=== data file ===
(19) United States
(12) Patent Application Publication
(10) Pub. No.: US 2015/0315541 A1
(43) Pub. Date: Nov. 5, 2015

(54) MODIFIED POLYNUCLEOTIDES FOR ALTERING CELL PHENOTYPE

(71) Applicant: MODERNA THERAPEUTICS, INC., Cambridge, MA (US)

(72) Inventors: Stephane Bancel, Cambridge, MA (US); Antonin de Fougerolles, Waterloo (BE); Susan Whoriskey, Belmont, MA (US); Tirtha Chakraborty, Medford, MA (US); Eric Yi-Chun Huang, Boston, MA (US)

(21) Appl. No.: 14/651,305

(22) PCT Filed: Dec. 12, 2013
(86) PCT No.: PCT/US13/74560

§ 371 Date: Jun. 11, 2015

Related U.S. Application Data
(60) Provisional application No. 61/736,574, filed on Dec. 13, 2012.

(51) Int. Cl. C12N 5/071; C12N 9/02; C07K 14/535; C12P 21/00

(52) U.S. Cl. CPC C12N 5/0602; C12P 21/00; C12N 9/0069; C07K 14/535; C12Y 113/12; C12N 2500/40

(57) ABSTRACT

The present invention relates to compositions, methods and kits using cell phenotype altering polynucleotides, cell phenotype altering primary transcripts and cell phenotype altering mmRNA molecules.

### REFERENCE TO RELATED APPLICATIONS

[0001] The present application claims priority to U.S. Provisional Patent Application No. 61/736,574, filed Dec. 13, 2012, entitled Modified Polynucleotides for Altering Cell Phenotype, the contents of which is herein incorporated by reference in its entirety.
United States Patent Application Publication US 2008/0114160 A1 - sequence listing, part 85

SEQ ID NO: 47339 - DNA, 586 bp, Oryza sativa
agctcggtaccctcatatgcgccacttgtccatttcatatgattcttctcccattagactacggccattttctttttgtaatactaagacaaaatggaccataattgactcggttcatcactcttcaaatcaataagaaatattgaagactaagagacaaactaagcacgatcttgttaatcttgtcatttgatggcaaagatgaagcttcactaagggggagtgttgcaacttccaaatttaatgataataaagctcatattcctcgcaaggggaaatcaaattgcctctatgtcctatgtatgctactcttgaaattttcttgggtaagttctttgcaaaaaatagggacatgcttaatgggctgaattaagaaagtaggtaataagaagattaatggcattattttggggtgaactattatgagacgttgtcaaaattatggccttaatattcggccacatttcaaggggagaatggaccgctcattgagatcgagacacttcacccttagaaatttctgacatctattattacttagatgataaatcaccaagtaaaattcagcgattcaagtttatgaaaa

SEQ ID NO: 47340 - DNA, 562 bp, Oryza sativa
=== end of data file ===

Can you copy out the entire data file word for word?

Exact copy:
(19) United States
(12) Patent Application Publication
(10) Pub. No.: US 2015/0315541 A1
(43) Pub. Date: Nov. 5, 2015

(54) MODIFIED POLYNUCLEOTIDES FOR ALTERING CELL PHENOTYPE

(71) Applicant: MODERNA THERAPEUTICS, INC., Cambridge, MA (US)

(72) Inventors: Stephane Bancel, Cambridge, MA (US); Antonin de Fougerolles, Waterloo (BE); Susan Whoriskey, Belmont, MA (US); Tirtha Chakraborty, Medford, MA (US); Eric Yi-Chun Huang, Boston, MA (US)

(21) Appl. No.: 14/651,305

(22) PCT Filed: Dec. 12, 2013
(86) PCT No.: PCT/US13/74560

§ 371 Date: Jun. 11, 2015

Related U.S. Application Data
(60) Provisional application No. 61/736,574, filed on Dec. 13, 2012.

(51) Int. Cl. C12N 5/071; C12N 9/02; C07K 14/535; C12P 21/00

(52) U.S. Cl. CPC C12N 5/0602; C12P 21/00; C12N 9/0069; C07K 14/535; C12Y 113/12; C12N 2500/40

(57) ABSTRACT

The present invention relates to compositions, methods and kits using cell phenotype altering polynucleotides, cell phenotype altering primary transcripts and cell phenotype altering mmRNA molecules.

### REFERENCE TO RELATED APPLICATIONS

[0001] The present application claims priority to U.S. Provisional Patent Application No. 61/736,574, filed Dec. 13, 2012, entitled Modified Polynucleotides for Altering Cell Phenotype, the contents of which is herein incorporated by reference in its entirety.
United States Patent Application Publication US 2008/0114160 A1 - sequence listing, part 85

SEQ ID NO: 47339 - DNA, 586 bp, Oryza sativa
agctcggtaccctcatatgcgccacttgtccatttcatatgattcttctcccattagactacggccattttctttttgtaatactaagacaaaatggaccataattgactcggttcatcactcttcaaatcaataagaaatattgaagactaagagacaaactaagcacgatcttgttaatcttgtcatttgatggcaaagatgaagcttcactaagggggagtgttgcaacttccaaatttaatgataataaagctcatattcctcgcaaggggaaatcaaattgcctctatgtcctatgtatgctactcttgaaattttcttgggtaagttctttgcaaaaaatagggacatgcttaatgggctgaattaagaaagtaggtaataagaagattaatggcattattttggggtgaactattatgagacgttgtcaaaattatggccttaatattcggccacatttcaaggggagaatggaccgctcattgagatcgagacacttcacccttagaaatttctgacatctattattacttagatgataaatcaccaagtaaaattcagcgattcaagtttatgaaaa

SEQ ID NO: 47340 - DNA, 562 bp, Oryza sativa